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Councilors convene, discuss BPS and fallen firefighter

After attending fallen Boston Fire Lieutenant Kevin Kelley’s funeral Wednesday, Boston City Councilors addressed the need for revision of out-of-date fire department equipment and crumbling school infrastructure.

In its second meeting of the new year, City Council convened late Wednesday afternoon after paying its respects to Kelley, the driver of a fire truck that crashed into a Mission Hill building last Friday. The public attention Kelley’s untimely death brought to local firefighters has also shed light on the poor condition of some Boston Fire Department equipment.’

Councilor At-Large Sam Yoon presented a resolution to change Boston’s policy of replacing trucks based on their age rather than their amount of use. Kelley’s Mission Hill firehouse is among the busiest in the city, Yoon said.

‘[I submit that the] policy be thoroughly reexamined, and that we at City Council be able to review exactly the maintenance and repair protocol and policy so we can prevent another tragedy like this from ever happening again.’

His fellow councilors agreed and urged that the resolution should move forward.

Councilor At-Large Stephen Murphy said the policy for replacement of vehicles should take both age and use into account.

‘It probably shouldn’t be an either-or policy for replacement of vehicles,’ Murphy said. ‘Something should be developed whereby there’s a combination.’

Boston Public Schools also need to be better maintained, councilors said.

Embattled Councilor Chuck Turner (Roxbury) presented a resolution saying that schools are suffering from poor maintenance, a day after newly-elected Council President Michael Ross ended a Council probe into Turner’s indictments because it was too expensive, but did not give Turner a committee chairmanship.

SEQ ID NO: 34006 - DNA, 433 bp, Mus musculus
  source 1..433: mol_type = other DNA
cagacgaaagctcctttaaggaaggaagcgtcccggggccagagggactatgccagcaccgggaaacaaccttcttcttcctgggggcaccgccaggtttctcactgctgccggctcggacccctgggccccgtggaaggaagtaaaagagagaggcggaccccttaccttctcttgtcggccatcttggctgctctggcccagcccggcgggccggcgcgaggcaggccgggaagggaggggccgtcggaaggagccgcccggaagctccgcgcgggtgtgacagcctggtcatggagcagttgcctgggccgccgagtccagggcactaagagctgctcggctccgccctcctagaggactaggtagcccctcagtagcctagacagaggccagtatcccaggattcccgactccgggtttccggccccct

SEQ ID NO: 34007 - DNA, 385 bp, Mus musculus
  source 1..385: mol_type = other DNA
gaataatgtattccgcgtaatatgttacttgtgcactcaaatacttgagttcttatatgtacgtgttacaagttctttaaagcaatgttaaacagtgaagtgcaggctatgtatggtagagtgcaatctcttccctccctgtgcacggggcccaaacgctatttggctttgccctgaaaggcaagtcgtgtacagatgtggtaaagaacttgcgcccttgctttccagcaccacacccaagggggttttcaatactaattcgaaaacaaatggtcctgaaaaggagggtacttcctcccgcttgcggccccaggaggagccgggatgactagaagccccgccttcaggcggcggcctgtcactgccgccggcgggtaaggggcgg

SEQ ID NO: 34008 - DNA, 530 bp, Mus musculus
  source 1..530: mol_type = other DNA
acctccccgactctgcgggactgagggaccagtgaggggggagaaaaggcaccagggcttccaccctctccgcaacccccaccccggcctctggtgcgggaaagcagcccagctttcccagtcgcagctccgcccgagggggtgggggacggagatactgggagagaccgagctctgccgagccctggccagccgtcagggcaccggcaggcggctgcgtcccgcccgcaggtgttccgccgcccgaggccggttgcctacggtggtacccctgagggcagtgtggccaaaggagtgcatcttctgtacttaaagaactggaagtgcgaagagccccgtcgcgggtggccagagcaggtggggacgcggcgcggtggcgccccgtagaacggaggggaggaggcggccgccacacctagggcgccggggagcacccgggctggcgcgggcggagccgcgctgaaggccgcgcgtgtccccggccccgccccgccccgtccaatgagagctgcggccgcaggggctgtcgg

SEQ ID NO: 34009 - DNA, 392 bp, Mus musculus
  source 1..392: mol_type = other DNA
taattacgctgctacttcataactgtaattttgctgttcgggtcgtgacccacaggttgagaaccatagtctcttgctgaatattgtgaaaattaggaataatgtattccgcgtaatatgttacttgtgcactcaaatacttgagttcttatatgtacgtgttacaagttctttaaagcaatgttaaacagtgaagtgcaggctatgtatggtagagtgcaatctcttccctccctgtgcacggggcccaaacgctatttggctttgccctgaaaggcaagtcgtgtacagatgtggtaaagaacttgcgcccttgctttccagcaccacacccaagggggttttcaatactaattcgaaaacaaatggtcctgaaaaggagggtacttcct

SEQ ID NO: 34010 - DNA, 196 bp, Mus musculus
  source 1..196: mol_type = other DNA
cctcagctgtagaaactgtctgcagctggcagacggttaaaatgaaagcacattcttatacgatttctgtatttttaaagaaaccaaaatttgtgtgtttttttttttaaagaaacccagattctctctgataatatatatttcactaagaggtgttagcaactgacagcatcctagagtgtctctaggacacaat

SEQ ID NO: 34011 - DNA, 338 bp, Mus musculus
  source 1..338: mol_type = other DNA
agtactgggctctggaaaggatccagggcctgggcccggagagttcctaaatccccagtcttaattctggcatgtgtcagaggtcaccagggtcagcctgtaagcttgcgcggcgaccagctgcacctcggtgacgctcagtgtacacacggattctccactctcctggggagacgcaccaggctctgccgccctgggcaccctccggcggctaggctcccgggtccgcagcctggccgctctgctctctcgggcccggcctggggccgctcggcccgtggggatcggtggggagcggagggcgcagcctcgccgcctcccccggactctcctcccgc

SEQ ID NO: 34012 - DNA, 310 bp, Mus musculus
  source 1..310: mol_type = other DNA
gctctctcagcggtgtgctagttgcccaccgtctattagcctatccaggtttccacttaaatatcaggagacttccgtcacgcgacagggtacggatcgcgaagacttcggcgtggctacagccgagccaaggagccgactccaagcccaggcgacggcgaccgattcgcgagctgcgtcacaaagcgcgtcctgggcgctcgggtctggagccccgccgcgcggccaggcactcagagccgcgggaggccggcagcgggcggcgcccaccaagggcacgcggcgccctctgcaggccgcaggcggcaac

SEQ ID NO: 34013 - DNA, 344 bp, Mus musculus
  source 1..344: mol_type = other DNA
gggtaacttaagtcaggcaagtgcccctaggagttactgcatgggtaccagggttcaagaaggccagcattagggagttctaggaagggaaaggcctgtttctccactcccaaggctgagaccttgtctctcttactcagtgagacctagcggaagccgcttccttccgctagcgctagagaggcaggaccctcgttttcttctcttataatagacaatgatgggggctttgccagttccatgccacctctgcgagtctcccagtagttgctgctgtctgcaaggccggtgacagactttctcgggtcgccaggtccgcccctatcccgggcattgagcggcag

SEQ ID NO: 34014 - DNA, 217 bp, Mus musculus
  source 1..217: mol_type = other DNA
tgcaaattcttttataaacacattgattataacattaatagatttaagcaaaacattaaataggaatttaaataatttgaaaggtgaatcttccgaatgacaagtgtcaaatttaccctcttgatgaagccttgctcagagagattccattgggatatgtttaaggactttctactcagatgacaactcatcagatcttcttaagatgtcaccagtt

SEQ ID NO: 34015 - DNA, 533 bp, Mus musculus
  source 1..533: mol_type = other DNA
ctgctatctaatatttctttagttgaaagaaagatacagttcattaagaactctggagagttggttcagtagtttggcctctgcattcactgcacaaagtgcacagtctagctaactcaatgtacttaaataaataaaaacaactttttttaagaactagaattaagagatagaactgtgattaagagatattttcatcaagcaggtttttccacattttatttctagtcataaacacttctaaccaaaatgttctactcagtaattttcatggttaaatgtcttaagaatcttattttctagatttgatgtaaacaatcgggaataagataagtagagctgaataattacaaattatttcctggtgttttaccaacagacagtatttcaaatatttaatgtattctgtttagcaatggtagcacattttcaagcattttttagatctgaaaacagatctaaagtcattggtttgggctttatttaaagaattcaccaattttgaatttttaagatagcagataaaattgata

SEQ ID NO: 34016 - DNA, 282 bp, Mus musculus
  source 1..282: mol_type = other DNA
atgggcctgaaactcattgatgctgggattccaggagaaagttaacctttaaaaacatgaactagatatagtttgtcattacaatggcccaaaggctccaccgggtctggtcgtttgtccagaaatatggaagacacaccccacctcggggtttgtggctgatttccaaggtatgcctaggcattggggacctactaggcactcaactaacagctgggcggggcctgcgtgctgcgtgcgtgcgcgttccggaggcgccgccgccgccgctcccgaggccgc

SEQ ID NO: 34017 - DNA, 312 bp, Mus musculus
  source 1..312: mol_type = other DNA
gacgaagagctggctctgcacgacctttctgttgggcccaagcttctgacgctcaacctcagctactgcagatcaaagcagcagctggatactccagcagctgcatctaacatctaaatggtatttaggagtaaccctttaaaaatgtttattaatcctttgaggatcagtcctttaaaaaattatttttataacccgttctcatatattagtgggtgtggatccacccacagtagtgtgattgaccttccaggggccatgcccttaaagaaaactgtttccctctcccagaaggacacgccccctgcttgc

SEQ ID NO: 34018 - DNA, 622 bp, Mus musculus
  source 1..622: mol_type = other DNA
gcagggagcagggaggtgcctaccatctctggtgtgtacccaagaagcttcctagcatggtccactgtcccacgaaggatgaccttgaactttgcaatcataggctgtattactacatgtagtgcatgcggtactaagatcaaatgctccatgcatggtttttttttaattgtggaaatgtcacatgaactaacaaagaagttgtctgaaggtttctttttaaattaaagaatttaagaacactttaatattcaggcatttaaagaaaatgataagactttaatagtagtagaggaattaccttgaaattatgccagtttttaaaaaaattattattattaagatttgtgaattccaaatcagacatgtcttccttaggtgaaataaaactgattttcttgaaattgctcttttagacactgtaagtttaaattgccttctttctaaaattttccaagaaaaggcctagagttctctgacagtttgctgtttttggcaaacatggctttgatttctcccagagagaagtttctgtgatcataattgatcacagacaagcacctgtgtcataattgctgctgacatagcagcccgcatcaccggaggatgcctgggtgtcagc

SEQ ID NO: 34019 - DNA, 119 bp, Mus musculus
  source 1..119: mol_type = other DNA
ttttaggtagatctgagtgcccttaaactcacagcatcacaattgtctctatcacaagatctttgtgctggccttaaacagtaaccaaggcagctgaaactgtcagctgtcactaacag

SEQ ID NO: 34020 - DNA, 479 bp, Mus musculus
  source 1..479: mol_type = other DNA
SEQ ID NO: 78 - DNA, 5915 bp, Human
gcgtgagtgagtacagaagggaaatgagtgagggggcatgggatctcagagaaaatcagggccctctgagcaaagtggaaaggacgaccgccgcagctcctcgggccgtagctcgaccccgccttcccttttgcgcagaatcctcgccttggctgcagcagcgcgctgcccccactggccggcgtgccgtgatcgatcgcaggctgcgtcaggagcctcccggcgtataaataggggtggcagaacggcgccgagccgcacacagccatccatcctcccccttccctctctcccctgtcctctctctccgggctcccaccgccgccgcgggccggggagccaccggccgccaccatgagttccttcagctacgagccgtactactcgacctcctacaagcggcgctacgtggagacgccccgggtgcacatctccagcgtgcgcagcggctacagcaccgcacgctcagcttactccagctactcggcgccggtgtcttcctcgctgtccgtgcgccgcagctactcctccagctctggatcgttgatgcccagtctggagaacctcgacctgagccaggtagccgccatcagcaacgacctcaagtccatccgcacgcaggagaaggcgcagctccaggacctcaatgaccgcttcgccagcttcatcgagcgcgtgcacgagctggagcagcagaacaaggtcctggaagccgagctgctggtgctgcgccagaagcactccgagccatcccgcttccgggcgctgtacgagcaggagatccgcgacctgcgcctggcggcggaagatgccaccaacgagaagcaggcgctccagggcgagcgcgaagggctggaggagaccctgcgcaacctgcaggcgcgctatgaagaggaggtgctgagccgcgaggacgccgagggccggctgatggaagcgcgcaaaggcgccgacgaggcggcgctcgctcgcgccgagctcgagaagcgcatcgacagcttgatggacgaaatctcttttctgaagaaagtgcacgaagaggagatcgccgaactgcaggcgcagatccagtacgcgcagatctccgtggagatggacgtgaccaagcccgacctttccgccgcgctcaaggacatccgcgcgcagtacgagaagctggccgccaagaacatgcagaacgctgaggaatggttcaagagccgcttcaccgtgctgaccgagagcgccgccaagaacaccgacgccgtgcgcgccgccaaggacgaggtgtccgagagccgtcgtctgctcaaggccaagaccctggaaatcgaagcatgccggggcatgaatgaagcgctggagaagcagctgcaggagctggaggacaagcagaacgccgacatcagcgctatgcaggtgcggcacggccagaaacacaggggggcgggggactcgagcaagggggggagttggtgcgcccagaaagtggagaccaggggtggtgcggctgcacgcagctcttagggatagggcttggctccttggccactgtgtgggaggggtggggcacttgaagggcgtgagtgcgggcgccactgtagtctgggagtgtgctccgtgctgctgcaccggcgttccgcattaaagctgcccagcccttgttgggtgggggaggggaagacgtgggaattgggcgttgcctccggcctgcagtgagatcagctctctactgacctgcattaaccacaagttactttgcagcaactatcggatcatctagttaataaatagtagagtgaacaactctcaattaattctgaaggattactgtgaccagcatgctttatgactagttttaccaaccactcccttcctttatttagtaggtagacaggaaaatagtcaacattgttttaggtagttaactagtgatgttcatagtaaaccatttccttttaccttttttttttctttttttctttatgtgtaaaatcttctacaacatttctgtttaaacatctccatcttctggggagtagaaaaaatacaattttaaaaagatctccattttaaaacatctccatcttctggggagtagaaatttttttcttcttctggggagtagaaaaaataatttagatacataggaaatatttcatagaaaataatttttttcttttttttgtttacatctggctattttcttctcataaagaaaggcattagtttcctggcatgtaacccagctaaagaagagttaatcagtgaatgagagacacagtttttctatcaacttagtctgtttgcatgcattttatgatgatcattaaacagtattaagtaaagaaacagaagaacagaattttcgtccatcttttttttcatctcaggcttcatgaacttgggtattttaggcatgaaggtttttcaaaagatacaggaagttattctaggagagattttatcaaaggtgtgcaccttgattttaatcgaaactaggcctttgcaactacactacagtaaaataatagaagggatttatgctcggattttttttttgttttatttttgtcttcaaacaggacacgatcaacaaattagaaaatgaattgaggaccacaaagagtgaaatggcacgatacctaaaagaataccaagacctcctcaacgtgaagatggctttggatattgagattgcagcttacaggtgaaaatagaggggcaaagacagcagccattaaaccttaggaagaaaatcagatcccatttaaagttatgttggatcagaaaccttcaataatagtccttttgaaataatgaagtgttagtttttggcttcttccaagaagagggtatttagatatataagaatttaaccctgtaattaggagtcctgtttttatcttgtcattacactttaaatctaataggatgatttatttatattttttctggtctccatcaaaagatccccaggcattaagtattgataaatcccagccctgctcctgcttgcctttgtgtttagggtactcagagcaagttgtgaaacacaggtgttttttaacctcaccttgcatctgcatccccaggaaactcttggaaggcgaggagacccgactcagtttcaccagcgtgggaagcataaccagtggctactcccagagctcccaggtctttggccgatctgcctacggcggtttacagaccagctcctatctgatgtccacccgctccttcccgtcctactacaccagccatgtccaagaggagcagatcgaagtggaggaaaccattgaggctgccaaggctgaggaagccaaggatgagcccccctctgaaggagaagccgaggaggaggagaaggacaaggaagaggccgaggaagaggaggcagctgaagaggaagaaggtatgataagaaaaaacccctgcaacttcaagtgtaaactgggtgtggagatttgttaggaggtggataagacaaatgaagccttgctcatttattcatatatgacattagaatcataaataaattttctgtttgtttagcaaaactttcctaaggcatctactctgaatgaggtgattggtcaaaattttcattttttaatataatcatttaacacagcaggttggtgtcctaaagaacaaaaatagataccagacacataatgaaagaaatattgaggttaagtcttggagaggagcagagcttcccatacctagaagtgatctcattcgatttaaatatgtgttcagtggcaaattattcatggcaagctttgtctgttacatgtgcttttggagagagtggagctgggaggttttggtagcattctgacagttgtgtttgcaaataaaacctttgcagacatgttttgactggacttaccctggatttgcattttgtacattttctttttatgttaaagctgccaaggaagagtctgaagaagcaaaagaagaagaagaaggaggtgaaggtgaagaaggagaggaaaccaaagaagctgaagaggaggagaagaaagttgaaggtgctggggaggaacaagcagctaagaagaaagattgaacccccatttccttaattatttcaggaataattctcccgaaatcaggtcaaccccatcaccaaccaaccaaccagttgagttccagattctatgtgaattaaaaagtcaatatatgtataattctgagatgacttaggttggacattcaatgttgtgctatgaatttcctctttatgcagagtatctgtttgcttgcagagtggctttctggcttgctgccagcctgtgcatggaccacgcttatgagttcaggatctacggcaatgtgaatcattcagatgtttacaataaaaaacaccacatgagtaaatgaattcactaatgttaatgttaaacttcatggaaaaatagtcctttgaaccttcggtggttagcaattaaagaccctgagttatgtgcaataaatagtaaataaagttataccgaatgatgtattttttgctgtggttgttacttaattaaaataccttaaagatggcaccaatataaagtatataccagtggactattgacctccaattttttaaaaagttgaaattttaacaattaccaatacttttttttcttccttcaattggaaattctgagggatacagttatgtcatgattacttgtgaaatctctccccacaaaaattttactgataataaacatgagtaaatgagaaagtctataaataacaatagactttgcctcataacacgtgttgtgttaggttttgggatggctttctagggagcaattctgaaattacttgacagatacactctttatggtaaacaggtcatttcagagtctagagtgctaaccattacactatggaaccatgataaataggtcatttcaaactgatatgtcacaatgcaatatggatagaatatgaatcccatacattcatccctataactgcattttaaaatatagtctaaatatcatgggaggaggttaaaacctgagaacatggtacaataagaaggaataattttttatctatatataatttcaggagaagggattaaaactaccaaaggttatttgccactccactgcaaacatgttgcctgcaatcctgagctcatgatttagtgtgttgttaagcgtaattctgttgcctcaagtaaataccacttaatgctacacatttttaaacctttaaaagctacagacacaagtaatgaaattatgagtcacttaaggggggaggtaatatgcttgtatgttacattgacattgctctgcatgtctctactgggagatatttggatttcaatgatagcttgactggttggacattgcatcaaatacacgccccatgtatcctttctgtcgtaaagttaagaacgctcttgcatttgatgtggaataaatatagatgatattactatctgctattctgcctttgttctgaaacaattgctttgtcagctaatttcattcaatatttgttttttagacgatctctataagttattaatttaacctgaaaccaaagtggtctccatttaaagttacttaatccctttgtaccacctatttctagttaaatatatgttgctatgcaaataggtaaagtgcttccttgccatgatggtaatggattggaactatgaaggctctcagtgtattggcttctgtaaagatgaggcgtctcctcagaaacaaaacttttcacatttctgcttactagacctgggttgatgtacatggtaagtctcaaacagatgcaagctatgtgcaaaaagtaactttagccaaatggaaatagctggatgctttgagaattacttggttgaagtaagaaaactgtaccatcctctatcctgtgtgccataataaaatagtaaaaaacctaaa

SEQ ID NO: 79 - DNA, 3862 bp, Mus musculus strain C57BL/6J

Turner’s resolution requested funding for school repairs in response to President-elect Barack Obama’s proposed federal stimulus package, which could be passed as early as February. The Obama-Biden Transition team has said that $25 million will be given’ for schools and repairs of bridges and roads, even though billions are needed to refurbish schools, Turner said.

‘I was really astounded when I saw that number given the fact that in 1998, ten years ago, the congressional committee said that it would cost $112 billion to bring all the public schools, just the public schools, of America up to safe standards,’ he said.

‘If we want our children to be well-educated, then we have to make sure that there are at least buildings there that we can send our children to where they can feel comfortable and safe . . . and that’s not true here in Massachusetts or across the country,’ Turner said.

Councilor Charles Yancey (Mattapan, North Dorchester) said he was concerned that high school students are taking their classes in buildings not designed for high school education. He also noted that the city of Boston has not built a new high school for nearly 30 years, during the Carter administration.

‘Many [high schools] do not have gymnasiums. They don’t have an auditorium. But worse than that: science labs, cafeterias,’ Yancey said. ‘Very basic amenities that high school students should be able to take for granted.’

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